Habakkuk’s complaint about Judah (Hab. 1:2-4)
Divine response of Babylonian judgment (Hab. 1:5-11)
Habakkuk complained that wickedness had grown in Judah with little response from God. God promised to punish Judah’s wickedness by sending the Babylonians.
b. Second complaint and response (Hab. 1:12-2:20)
Habakkuk’s complaint about the Babylonians (Hab. 1:12-2:1)
Divine response of judgment for wicked (Hab. 2:2-20)
Habakkuk complained that the Babylonians were even more wicked than the Judahites. God promised that eventually the Babylonians would be destroyed.
c. Closing prayer of resolve and faith (Hab. 3:1-19)
Prayer for divine intervention (Hab. 3:1-2)
Hymn of ultimate victory (Hab. 3:3-15)
Faith’s Commitment (Hab. 3:16-19)
Habakkuk expressed his trust that God would keep his promise. He pledged to praise him even as the difficult times continued.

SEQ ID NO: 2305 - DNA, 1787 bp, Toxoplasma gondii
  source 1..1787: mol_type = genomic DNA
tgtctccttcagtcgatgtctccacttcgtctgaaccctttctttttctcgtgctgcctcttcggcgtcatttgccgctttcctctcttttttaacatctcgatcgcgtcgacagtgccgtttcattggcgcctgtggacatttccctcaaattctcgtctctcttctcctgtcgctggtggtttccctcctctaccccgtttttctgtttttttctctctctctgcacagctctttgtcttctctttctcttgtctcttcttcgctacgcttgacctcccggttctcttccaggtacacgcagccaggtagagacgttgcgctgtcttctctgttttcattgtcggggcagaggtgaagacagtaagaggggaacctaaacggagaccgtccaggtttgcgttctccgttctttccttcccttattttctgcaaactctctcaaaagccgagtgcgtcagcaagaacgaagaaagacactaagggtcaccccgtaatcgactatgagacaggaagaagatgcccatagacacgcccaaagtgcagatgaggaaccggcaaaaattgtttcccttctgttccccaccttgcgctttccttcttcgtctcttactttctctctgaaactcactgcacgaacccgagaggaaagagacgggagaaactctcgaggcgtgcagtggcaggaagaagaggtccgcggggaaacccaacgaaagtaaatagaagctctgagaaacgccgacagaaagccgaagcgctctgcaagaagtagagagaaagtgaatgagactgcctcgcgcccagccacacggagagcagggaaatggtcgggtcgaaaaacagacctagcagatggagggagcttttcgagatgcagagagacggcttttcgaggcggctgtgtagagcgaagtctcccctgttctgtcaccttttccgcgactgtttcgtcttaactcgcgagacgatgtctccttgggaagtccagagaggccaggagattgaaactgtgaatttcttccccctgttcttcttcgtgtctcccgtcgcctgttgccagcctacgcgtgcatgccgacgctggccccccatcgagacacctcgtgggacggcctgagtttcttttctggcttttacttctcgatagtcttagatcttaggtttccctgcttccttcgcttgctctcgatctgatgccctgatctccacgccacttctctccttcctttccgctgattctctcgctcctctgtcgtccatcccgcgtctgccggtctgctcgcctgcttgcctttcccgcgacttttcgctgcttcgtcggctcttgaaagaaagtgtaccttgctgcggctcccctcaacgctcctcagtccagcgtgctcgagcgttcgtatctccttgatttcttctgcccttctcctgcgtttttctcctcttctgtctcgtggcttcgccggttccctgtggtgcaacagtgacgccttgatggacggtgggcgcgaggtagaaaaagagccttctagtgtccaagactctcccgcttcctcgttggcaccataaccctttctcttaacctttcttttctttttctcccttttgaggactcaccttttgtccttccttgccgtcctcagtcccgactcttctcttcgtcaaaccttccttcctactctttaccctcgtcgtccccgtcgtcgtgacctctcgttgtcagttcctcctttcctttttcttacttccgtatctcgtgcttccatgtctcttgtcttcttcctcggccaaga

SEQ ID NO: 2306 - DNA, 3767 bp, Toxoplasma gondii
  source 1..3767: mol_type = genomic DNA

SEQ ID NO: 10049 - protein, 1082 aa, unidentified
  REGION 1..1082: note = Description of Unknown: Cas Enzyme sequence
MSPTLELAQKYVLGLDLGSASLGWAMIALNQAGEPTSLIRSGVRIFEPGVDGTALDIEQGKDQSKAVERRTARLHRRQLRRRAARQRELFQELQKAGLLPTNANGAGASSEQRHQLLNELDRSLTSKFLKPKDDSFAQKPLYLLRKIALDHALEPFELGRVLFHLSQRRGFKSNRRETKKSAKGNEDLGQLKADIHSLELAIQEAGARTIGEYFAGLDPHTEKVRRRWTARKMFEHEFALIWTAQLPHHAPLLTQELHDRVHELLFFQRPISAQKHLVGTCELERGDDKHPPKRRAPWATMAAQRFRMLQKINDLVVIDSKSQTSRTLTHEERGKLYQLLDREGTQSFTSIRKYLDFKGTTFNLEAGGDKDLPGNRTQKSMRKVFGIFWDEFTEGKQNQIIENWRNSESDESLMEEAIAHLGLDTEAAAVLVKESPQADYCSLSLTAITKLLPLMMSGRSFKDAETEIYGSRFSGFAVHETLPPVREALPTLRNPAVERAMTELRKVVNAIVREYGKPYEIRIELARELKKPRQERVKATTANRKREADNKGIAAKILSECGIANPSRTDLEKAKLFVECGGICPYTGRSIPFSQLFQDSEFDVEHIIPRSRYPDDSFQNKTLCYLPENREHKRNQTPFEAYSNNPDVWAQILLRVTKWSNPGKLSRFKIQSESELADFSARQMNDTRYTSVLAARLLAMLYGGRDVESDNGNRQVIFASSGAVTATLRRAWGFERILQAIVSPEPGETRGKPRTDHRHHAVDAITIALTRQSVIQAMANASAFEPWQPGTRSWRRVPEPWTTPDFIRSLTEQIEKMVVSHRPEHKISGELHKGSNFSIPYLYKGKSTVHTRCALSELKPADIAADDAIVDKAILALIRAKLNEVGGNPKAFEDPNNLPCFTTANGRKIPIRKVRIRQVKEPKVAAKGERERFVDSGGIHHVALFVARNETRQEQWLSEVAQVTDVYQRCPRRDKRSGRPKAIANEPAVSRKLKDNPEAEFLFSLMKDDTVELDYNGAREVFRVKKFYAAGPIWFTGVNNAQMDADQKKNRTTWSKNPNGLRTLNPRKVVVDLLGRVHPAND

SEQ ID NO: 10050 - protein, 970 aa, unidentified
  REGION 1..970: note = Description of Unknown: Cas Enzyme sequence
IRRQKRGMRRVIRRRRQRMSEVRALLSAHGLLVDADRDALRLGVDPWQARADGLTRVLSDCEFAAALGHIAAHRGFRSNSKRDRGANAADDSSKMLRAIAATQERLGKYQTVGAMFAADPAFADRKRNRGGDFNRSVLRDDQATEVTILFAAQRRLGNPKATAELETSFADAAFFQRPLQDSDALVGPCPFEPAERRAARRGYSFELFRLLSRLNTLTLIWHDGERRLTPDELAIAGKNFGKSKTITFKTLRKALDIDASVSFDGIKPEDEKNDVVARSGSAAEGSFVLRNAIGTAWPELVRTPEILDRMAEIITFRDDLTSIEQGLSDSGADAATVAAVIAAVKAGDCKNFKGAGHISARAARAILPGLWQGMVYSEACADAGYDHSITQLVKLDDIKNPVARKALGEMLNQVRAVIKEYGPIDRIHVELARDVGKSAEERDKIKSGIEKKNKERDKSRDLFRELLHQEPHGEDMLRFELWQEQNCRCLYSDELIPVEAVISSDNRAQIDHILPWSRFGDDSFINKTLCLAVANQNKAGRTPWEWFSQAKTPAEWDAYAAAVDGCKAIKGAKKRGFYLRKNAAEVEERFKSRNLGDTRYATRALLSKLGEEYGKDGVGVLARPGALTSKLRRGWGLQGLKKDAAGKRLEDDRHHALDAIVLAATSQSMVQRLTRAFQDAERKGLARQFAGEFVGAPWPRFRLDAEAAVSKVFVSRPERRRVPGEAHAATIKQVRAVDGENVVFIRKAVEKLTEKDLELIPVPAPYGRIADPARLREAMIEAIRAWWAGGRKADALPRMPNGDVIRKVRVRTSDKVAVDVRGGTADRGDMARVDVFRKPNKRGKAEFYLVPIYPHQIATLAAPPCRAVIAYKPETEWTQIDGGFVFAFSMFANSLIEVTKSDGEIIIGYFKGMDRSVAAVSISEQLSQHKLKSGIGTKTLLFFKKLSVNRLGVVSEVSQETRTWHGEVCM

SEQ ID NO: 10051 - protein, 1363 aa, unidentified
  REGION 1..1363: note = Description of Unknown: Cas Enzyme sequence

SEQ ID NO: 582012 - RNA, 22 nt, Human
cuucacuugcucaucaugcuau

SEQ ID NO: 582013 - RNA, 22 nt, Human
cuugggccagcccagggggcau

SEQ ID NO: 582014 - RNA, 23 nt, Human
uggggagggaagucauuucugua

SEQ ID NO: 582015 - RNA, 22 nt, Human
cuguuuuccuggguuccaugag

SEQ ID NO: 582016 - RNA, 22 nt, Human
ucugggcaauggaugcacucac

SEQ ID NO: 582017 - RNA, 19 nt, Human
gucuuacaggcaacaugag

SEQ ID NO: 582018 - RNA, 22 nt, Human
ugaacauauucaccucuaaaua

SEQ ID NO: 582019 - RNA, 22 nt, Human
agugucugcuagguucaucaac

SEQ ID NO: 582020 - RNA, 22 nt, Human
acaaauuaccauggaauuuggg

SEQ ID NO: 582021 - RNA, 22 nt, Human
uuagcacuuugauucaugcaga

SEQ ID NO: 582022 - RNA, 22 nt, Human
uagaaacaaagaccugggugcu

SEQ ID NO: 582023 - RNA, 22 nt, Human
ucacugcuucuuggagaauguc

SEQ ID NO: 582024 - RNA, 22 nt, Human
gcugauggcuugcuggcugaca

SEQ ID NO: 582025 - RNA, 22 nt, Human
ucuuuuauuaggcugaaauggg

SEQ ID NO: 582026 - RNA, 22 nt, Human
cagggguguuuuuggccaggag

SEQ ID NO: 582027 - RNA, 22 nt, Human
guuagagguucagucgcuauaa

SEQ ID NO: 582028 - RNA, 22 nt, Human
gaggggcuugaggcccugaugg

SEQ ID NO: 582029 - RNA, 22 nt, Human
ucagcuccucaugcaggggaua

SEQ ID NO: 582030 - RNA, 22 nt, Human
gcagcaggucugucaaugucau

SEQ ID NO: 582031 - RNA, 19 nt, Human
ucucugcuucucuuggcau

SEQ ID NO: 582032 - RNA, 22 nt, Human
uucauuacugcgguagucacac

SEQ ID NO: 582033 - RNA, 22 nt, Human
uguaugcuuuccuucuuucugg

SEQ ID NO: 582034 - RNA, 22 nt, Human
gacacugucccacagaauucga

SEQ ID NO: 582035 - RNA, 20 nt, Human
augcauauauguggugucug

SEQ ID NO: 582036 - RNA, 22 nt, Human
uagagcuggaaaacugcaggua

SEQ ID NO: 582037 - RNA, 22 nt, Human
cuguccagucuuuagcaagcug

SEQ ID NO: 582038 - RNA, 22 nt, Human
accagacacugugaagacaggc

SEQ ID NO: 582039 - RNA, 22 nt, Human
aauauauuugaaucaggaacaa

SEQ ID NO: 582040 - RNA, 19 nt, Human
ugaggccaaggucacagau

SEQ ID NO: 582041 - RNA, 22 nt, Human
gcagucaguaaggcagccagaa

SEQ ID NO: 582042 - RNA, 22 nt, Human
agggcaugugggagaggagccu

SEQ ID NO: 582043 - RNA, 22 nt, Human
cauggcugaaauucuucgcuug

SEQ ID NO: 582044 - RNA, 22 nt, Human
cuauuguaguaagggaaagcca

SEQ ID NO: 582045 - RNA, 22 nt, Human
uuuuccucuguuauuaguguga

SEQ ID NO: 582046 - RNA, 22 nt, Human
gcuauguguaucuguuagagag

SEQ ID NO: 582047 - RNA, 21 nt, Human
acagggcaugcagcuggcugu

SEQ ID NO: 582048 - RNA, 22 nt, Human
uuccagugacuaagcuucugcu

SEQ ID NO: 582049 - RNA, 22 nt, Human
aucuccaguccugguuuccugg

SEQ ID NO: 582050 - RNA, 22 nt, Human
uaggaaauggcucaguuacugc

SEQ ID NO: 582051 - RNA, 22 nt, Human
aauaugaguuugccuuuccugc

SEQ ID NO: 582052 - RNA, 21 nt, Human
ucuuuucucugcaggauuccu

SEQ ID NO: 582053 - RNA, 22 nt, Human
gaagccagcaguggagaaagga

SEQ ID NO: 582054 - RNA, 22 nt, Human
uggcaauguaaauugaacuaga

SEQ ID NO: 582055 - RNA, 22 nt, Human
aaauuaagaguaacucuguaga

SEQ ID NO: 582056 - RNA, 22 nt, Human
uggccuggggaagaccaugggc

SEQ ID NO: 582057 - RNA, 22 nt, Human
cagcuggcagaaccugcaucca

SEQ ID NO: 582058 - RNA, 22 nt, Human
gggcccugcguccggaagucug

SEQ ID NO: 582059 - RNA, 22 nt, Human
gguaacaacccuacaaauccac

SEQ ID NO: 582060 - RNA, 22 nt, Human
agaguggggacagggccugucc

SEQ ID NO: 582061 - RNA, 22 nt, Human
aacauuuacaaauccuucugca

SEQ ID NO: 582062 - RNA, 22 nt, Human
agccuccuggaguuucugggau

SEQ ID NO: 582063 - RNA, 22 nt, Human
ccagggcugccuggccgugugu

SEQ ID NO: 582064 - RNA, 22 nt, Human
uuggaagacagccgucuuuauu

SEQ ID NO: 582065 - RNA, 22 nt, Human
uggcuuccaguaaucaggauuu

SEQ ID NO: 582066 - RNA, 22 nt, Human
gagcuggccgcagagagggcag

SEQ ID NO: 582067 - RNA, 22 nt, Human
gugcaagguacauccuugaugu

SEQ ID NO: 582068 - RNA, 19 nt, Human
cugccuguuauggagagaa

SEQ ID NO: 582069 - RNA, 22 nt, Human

Four kinds of material have been identified in the book: complaint, prophetic oracle, prophetic woes, and a psalm. The form is unusual for a prophetic book. The first two chapters are in the form of a dialogue between God and Habakkuk, and the third chapter is a psalm or prayer of praise.
The prophets presents two complaints or laments before God (Hab. 1:5-11; 2:1-4). The form is similar to that of the lament Psalms (Ps.6; 12; 28; 31, etc). Such laments in the psalms are commonly followed by a divine response of assurance that the Lord will hear the writer’s complaint, save and sustain him, and judge his or Israel’s enemies (Ps.6:8-10; 12:5-8; 28:6-9; 31:22-23)
4. Woe oracles
The fact that God would yet judge also the Chaldeans is confirmed in a series of five woe oracles (Hab. 2:6-20).